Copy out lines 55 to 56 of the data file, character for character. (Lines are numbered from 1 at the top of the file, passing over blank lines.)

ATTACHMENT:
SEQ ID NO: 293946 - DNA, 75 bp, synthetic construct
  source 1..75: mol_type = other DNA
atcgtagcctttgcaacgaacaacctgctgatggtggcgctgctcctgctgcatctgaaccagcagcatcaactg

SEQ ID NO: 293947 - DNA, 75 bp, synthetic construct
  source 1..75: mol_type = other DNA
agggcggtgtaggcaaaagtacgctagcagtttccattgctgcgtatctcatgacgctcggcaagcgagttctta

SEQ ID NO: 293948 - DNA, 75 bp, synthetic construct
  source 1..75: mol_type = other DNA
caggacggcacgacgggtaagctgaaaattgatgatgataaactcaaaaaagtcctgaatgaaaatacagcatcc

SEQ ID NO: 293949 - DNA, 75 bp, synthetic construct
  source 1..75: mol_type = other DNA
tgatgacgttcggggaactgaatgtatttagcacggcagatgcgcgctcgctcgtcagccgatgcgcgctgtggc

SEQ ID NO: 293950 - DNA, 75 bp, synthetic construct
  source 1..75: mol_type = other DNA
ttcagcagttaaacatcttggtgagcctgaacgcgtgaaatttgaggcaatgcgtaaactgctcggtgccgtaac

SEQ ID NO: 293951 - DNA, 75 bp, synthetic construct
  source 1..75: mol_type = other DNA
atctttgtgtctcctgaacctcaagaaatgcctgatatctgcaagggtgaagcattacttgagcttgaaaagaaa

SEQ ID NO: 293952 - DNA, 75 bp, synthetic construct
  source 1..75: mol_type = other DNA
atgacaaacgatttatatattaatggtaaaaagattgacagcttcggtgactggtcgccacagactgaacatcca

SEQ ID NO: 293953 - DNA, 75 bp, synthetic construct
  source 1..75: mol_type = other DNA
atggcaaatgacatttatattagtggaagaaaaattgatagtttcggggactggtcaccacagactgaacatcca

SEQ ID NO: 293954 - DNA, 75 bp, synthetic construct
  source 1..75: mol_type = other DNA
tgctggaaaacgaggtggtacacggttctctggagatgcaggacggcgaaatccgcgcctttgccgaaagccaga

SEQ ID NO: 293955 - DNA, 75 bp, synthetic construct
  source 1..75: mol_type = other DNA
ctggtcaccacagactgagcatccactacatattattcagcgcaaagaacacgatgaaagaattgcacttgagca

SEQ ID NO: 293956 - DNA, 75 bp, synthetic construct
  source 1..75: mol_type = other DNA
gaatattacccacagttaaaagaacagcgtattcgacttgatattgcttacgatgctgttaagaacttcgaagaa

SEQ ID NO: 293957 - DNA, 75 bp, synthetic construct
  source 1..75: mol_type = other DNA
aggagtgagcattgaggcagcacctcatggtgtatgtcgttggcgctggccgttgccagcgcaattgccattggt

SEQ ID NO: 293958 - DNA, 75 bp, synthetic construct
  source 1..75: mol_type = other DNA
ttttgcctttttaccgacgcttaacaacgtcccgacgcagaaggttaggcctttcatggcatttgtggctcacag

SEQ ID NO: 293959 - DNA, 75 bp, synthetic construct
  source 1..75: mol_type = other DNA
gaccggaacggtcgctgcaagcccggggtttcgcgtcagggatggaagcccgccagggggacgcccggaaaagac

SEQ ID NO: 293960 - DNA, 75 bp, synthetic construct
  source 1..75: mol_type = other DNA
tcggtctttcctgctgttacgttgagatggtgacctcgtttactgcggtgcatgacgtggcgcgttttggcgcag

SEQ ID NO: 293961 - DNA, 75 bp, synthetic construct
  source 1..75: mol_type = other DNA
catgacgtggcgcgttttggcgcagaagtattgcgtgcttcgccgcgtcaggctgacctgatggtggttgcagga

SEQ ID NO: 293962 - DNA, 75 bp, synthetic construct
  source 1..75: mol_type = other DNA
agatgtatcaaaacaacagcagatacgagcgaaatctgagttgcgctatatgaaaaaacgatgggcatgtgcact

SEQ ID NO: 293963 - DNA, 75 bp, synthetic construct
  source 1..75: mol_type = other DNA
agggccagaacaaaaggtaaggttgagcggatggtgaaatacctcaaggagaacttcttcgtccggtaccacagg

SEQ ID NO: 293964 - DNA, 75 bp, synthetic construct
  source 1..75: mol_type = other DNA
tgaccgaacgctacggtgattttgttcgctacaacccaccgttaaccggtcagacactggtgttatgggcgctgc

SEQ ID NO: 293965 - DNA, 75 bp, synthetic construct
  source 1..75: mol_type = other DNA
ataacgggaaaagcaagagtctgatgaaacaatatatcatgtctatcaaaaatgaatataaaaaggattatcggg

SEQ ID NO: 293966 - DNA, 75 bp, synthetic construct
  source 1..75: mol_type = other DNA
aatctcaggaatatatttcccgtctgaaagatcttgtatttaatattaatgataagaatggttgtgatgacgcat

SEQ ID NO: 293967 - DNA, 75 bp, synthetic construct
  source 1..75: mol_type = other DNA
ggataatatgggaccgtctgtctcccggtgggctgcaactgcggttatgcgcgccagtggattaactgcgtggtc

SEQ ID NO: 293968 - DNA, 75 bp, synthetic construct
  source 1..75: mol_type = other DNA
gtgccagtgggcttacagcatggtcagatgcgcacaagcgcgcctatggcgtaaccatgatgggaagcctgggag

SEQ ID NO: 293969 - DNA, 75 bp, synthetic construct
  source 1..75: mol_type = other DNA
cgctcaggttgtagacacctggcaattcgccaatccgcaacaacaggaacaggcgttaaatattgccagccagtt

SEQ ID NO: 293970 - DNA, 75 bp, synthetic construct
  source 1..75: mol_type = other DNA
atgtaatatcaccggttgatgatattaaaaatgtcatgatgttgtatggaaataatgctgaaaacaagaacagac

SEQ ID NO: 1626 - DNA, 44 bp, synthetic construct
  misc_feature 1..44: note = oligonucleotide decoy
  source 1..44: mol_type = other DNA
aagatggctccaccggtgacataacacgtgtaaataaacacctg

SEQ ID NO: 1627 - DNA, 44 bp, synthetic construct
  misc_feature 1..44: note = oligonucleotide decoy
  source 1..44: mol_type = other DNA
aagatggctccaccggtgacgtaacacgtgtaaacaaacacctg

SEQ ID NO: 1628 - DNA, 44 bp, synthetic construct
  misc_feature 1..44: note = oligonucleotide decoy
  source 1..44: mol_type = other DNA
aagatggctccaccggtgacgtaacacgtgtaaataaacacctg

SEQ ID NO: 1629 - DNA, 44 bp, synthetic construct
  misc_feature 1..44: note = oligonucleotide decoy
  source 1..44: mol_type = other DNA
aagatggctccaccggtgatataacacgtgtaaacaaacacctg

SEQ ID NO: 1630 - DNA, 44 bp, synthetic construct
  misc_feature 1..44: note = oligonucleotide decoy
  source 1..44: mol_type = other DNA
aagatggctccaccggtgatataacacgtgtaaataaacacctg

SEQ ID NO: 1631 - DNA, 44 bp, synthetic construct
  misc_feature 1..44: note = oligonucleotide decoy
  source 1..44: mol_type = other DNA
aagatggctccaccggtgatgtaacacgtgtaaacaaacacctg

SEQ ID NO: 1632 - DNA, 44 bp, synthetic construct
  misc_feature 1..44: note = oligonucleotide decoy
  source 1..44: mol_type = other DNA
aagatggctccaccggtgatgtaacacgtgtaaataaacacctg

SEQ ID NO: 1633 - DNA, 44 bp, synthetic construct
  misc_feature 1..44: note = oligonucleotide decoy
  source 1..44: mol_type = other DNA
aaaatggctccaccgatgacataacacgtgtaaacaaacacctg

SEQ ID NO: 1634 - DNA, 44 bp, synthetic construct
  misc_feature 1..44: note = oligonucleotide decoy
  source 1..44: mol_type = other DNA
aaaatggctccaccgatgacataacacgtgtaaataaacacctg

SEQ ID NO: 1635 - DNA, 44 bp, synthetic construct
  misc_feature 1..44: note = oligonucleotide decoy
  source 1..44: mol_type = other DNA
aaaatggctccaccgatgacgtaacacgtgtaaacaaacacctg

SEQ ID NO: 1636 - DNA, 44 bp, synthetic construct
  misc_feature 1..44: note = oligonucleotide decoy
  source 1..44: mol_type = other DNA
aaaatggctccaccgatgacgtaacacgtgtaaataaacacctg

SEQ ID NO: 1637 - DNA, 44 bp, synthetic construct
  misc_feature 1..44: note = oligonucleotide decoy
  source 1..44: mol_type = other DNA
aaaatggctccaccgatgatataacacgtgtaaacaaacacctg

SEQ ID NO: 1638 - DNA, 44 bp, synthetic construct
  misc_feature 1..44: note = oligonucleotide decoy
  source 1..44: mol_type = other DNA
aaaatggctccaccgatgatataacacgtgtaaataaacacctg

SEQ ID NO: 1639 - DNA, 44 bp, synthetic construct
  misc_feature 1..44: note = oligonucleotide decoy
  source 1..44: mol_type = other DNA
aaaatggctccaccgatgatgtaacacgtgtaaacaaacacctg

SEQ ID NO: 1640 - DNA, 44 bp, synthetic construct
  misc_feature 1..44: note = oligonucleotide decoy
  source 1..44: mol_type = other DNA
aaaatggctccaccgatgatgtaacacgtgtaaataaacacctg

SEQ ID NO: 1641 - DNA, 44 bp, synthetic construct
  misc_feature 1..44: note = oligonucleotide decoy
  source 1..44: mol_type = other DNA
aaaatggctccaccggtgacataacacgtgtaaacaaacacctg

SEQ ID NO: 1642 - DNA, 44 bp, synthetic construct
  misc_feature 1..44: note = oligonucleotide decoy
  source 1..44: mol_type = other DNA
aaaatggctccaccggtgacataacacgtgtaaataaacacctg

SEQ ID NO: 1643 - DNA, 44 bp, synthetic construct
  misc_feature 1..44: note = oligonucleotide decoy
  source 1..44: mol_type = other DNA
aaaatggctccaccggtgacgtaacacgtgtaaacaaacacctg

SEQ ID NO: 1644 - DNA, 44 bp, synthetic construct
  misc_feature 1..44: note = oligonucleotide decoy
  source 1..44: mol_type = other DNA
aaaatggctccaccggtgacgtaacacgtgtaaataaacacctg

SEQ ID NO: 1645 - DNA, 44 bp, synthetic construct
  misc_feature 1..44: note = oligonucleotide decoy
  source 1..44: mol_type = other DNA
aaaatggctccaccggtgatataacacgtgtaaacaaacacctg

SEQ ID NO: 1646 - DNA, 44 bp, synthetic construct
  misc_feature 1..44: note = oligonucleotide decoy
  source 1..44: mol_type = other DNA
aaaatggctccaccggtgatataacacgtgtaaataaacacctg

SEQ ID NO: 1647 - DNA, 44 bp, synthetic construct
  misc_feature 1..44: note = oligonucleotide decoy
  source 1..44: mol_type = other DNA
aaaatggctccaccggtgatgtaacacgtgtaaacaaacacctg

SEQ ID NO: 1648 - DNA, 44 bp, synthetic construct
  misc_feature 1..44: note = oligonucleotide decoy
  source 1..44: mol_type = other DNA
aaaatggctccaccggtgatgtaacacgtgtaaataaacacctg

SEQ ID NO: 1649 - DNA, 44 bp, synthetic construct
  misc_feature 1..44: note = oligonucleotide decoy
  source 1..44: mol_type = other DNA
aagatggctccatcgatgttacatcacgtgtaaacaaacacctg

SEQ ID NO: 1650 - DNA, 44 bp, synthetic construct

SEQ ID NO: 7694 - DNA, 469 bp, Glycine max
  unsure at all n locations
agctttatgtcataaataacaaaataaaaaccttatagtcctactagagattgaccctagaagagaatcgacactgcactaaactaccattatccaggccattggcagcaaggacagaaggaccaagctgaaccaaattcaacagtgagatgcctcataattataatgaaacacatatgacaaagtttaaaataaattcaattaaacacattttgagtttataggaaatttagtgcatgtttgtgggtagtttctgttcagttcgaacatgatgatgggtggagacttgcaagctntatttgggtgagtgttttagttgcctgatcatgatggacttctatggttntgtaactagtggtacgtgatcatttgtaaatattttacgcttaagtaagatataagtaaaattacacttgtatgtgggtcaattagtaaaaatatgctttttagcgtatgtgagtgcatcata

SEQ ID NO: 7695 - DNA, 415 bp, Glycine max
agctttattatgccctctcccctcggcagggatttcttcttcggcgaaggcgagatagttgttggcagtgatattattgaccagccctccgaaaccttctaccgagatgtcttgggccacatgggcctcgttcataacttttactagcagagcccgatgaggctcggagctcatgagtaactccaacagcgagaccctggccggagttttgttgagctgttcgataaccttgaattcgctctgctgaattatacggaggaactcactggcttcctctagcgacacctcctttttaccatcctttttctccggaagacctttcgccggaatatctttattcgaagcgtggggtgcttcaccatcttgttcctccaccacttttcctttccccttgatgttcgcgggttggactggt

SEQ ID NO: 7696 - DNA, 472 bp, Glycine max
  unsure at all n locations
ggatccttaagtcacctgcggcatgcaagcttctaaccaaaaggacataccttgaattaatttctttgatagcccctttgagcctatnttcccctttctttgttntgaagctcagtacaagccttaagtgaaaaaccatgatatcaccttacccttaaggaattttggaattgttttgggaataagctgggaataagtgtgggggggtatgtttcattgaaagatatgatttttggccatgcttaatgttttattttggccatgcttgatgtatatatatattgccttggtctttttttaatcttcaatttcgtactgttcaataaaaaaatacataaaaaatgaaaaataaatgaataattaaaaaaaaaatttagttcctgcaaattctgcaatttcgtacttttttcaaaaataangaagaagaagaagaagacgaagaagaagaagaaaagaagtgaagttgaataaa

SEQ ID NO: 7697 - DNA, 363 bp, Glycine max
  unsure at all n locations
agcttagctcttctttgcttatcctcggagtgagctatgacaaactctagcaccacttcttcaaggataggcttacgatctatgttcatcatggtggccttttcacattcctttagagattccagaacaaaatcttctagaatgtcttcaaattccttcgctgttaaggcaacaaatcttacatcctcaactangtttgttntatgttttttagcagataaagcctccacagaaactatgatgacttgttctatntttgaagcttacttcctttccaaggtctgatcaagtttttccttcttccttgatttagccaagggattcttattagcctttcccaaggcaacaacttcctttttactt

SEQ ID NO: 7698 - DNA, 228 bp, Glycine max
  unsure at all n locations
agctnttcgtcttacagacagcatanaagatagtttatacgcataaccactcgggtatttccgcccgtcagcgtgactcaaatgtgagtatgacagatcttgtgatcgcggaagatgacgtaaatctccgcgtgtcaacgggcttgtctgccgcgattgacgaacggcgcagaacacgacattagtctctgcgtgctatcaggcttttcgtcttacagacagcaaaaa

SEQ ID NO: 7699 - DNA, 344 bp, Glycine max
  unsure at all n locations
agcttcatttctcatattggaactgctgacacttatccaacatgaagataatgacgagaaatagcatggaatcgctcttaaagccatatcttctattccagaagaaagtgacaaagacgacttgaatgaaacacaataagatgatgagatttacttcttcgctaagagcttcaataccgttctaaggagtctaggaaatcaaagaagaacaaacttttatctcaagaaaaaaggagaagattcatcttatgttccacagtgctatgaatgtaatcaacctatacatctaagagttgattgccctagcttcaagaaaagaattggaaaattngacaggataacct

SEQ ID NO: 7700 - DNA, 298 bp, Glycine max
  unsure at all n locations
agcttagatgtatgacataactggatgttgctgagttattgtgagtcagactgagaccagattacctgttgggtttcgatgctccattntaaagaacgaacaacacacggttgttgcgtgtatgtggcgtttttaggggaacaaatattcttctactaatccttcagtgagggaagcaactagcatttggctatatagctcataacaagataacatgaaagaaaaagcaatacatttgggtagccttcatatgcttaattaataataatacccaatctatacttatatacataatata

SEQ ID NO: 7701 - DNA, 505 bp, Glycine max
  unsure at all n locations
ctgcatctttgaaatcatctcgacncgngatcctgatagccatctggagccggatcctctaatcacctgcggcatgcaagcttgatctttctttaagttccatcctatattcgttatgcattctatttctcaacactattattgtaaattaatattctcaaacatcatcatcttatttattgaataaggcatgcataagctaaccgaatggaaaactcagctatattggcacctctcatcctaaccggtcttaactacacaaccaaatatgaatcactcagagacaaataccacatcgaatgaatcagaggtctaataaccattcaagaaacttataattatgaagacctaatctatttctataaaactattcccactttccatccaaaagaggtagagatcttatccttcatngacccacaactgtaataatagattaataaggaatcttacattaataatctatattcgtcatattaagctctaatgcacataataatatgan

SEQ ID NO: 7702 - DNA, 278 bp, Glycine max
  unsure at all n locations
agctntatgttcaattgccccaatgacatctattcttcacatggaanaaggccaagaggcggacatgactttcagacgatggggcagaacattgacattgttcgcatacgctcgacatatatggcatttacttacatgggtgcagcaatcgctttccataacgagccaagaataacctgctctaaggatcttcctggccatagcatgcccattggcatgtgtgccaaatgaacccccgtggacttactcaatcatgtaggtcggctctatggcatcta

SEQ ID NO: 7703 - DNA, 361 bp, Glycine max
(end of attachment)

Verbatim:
SEQ ID NO: 293964 - DNA, 75 bp, synthetic construct
  source 1..75: mol_type = other DNA